Chicken Scratchin’s: Dear Mom …

Dear Mom,

Betty Williams - 1963

My mom, Betty Williams, hard at work being a mom in 1963.

Thank you for being my mom. I know I didn’t ever say I love you enough. We hardly ever saw eye to eye on anything and were complete opposites. But you certainly helped make me be the person I am today. And now that you have been gone for eight years I think that we were more alike than either of us wanted to admit.

You taught me family was the most important thing in the world. Of course, it was your life. You were a stay-at-home mom. In fact, all moms stayed at home when I was a kid.  And at our house it was a huge job with five kids that came in all sizes.  Not to mention the dog, cat, fish, hamster, parakeet, mice and whatever else we dragged home. You took care of all us. Not because you had to, but because you wanted to.

At times I doubted your child-raising skills, like when the neighbor came over to complain about the mud balls plastered on the side of his house. You defended my honor only until you found the garden hose and mud puddle between our houses. And then you turned into a prison warden, confining me to my room until my father came home from work. I thought you were so unreasonable. Of course the neighbor kid had been taunting me from his bedroom window, but you didn’t even consider that piece of evidence. You just yelled at me saying I knew better than that.

And there was the issue with me wanting a Tonka truck instead of the Thumbelina doll that was wrapped up so nicely. The boys were outside running and playing, and I didn’t want to waste my time playing with dolls. We had stick horses to ride and Indians to pursue. That was how I broke my brand new front tooth when I was six. My gun hit my mouth while we were playing Lone Ranger. Once again I was in trouble because of course this had to happen after the baby teeth were gone.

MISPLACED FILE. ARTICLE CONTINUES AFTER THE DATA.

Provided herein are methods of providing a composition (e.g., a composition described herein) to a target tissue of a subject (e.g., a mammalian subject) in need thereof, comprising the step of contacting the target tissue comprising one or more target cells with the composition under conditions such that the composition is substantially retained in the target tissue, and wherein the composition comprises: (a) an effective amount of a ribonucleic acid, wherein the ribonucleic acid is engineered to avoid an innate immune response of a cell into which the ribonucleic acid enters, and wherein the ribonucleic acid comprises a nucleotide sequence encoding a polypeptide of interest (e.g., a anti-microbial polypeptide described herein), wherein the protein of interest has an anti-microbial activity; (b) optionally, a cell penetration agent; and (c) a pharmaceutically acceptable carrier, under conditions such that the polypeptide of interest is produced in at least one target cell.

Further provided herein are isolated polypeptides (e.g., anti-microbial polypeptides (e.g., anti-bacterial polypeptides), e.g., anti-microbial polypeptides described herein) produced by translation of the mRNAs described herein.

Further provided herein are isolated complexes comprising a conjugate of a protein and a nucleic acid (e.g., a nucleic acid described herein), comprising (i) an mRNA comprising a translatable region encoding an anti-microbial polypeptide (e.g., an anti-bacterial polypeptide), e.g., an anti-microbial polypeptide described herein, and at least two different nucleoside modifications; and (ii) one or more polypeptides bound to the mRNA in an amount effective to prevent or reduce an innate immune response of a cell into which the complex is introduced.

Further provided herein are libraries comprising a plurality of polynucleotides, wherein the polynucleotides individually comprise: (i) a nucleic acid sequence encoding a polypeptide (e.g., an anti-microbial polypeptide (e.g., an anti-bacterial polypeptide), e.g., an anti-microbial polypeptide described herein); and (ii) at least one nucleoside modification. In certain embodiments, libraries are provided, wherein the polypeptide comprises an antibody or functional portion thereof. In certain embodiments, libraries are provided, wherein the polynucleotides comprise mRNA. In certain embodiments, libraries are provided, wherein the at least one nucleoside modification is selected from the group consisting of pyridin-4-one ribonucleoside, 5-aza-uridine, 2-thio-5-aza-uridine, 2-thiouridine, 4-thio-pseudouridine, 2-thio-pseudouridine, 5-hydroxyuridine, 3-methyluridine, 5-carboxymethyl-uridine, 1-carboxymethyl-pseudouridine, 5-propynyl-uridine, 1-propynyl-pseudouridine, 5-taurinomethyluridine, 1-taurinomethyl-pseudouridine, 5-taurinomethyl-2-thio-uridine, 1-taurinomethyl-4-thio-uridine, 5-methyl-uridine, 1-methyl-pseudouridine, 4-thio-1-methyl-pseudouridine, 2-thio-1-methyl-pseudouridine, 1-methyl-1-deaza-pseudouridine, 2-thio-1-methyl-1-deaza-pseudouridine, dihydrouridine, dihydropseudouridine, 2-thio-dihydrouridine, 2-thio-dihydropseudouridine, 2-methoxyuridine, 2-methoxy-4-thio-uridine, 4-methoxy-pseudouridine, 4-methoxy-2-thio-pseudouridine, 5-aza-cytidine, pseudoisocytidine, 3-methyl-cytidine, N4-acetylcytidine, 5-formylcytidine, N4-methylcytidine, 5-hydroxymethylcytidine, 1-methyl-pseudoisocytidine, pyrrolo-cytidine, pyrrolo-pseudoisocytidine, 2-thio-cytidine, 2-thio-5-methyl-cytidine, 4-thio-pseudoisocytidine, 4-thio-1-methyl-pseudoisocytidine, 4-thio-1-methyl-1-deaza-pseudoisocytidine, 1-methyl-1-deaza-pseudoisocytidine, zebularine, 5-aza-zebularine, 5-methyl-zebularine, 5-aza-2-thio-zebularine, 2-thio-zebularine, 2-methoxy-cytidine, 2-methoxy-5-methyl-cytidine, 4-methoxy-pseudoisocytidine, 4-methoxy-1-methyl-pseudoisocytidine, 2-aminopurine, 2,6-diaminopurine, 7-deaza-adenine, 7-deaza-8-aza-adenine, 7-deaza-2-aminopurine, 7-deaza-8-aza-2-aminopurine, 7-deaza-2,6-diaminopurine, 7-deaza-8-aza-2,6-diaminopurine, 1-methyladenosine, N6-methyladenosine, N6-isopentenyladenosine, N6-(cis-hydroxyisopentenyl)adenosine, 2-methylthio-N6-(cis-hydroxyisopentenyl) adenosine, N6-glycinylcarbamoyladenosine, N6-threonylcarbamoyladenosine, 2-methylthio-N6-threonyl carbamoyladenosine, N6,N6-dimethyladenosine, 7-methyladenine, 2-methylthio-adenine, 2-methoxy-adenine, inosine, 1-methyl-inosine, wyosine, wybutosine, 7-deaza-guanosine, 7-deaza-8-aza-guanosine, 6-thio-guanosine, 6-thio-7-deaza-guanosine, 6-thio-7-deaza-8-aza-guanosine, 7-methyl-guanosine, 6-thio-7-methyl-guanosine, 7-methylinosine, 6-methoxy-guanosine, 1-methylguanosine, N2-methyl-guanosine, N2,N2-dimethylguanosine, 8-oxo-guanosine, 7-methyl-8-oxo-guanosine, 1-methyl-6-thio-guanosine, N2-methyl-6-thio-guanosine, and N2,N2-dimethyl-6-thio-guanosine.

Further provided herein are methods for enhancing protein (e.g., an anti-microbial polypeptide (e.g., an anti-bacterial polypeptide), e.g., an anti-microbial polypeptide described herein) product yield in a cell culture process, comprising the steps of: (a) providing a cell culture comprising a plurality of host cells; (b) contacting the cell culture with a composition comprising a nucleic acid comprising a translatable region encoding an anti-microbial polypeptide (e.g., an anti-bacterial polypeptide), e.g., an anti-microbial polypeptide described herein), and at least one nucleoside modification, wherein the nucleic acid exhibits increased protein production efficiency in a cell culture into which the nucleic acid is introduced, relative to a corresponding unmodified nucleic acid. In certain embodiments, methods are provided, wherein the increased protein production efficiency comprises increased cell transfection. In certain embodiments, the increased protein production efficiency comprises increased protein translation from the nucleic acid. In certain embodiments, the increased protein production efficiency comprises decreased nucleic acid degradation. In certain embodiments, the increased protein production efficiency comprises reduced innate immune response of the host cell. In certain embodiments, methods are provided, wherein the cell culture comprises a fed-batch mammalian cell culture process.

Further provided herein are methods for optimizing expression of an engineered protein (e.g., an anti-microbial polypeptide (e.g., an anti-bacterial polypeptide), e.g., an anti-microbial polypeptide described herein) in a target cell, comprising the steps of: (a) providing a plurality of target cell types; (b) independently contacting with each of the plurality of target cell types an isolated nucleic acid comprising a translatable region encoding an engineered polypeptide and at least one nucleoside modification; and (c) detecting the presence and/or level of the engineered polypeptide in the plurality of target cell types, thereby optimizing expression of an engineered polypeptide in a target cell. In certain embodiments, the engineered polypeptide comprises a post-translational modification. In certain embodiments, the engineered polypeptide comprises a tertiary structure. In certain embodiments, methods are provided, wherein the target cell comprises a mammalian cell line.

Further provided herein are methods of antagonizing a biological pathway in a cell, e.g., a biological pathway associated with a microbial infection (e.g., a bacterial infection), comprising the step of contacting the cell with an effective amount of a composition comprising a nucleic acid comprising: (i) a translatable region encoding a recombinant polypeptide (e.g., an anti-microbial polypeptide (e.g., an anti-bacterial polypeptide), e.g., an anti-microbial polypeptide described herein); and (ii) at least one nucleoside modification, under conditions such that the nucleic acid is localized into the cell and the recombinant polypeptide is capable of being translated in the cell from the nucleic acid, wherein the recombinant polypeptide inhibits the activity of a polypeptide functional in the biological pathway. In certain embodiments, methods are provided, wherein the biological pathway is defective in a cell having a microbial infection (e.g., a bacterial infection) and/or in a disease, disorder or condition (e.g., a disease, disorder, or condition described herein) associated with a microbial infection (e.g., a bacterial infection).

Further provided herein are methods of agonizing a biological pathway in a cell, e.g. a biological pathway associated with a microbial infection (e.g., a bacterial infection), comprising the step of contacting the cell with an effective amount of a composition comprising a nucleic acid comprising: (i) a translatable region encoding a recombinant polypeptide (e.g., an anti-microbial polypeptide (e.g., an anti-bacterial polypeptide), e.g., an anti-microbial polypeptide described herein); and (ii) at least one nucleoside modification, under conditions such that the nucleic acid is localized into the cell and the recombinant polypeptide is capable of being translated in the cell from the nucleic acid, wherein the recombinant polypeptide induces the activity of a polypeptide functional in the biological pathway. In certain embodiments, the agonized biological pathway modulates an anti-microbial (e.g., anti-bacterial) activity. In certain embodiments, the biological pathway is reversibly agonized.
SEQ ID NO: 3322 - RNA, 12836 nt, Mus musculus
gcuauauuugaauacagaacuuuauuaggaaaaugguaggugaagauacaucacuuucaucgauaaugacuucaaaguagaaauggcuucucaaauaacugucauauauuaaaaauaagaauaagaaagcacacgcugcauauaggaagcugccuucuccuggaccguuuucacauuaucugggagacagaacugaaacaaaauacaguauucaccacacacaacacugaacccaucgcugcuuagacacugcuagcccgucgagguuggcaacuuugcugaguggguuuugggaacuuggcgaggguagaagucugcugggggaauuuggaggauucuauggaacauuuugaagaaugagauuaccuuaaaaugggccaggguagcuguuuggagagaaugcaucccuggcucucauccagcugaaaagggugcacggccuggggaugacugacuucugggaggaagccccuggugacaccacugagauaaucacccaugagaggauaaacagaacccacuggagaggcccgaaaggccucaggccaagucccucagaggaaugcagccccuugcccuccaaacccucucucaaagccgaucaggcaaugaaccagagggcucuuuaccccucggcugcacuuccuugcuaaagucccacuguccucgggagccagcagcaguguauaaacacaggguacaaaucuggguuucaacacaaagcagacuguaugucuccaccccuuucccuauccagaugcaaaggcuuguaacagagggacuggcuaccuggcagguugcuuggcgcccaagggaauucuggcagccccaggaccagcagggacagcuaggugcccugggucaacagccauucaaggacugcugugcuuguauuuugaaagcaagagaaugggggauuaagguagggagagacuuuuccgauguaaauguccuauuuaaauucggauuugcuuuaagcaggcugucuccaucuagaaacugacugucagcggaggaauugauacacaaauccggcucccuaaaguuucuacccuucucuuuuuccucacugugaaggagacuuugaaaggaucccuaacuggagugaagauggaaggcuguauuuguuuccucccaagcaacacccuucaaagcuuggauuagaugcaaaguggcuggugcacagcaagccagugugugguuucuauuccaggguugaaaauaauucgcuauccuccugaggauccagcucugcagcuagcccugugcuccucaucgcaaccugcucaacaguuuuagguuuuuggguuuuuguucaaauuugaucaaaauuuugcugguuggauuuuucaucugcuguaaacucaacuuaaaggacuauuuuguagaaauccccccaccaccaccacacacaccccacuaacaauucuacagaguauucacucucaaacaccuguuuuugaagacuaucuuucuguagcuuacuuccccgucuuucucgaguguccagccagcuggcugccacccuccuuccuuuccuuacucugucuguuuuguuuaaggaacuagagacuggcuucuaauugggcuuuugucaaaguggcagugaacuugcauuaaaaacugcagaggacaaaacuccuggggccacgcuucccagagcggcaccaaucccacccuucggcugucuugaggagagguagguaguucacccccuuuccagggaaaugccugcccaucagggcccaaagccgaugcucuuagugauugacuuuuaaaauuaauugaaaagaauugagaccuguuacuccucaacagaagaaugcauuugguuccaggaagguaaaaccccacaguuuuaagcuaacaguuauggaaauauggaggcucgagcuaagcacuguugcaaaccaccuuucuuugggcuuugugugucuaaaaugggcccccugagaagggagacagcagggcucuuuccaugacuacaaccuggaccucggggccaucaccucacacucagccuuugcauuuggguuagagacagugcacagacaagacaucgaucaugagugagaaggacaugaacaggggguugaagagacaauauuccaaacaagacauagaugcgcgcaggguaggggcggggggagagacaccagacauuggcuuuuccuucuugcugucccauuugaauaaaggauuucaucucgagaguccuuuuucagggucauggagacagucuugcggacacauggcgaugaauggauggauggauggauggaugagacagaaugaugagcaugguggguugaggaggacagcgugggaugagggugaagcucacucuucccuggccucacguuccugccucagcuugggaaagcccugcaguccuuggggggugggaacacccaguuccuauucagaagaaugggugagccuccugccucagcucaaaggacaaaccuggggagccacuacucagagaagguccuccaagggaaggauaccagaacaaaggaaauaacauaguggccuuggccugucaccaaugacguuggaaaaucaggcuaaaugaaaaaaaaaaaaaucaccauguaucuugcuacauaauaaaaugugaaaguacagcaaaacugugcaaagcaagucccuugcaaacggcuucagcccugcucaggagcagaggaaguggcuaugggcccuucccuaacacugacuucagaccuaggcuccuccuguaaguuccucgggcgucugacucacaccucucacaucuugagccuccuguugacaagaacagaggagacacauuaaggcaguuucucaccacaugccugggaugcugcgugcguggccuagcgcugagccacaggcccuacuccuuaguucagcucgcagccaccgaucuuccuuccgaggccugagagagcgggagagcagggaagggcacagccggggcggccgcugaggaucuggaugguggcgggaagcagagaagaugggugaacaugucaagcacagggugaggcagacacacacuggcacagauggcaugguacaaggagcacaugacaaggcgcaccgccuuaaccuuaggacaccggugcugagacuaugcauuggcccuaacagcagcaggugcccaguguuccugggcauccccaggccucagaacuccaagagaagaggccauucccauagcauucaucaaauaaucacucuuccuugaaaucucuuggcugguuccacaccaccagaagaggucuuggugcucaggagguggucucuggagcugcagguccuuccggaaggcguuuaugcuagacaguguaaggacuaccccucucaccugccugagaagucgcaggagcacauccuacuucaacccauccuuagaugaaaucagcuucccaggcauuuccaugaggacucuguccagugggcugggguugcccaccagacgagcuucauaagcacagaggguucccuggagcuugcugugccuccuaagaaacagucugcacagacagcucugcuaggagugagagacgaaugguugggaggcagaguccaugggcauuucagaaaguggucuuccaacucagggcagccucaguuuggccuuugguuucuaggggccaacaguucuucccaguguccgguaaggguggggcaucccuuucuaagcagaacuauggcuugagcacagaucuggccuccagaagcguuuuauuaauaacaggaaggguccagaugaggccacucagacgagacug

Sometimes you shaped me by letting me do things even if you knew the outcome wouldn’t be great. Like in fifth grade when I brought home the class mouse for the summer. You agreed as long as I would take care of it. Before the summer ended you had gotten rid of the mouse. I was devastated, but by the time sixth grade started, I probably didn’t even remember the mouse. Once again you were right.

We argued about everything. When I turned into a rebellious teen, you stood your ground while I stood mine. I wasn’t going to live my life like yours and you drew the line that I crossed. But you were right. Life was about love, respect and honor. You welcomed me back like I had never left. I learned many things the hard way and that was hard on you. You just wanted the best for all of us.

You made a commitment to your family and never let us down. You were always our mom and did what needed to be done because it was for us.

One of my favorite times with you was at the interstate fishing pond. You took us kids fishing without dad, and we had a great adventure. I still remember you trying with all of your might to pull in a good-sized channel cat. The fish got away but the image of you standing in the pond all excited is one of my favorite memories.

I had a great mom. I love you, Mom.

Happy Mother’s Day!


williams_jan_1Jan Williams is a farm girl, but was raised in a town. She has finally gotten back to where she thinks she belongs – in the country. She occasionally shares some of her rural experiences with a side of Chicken Scratchin’s. She lives in rural Osage County, Kansas, with a husband, a dog, a cat and seven chickens.

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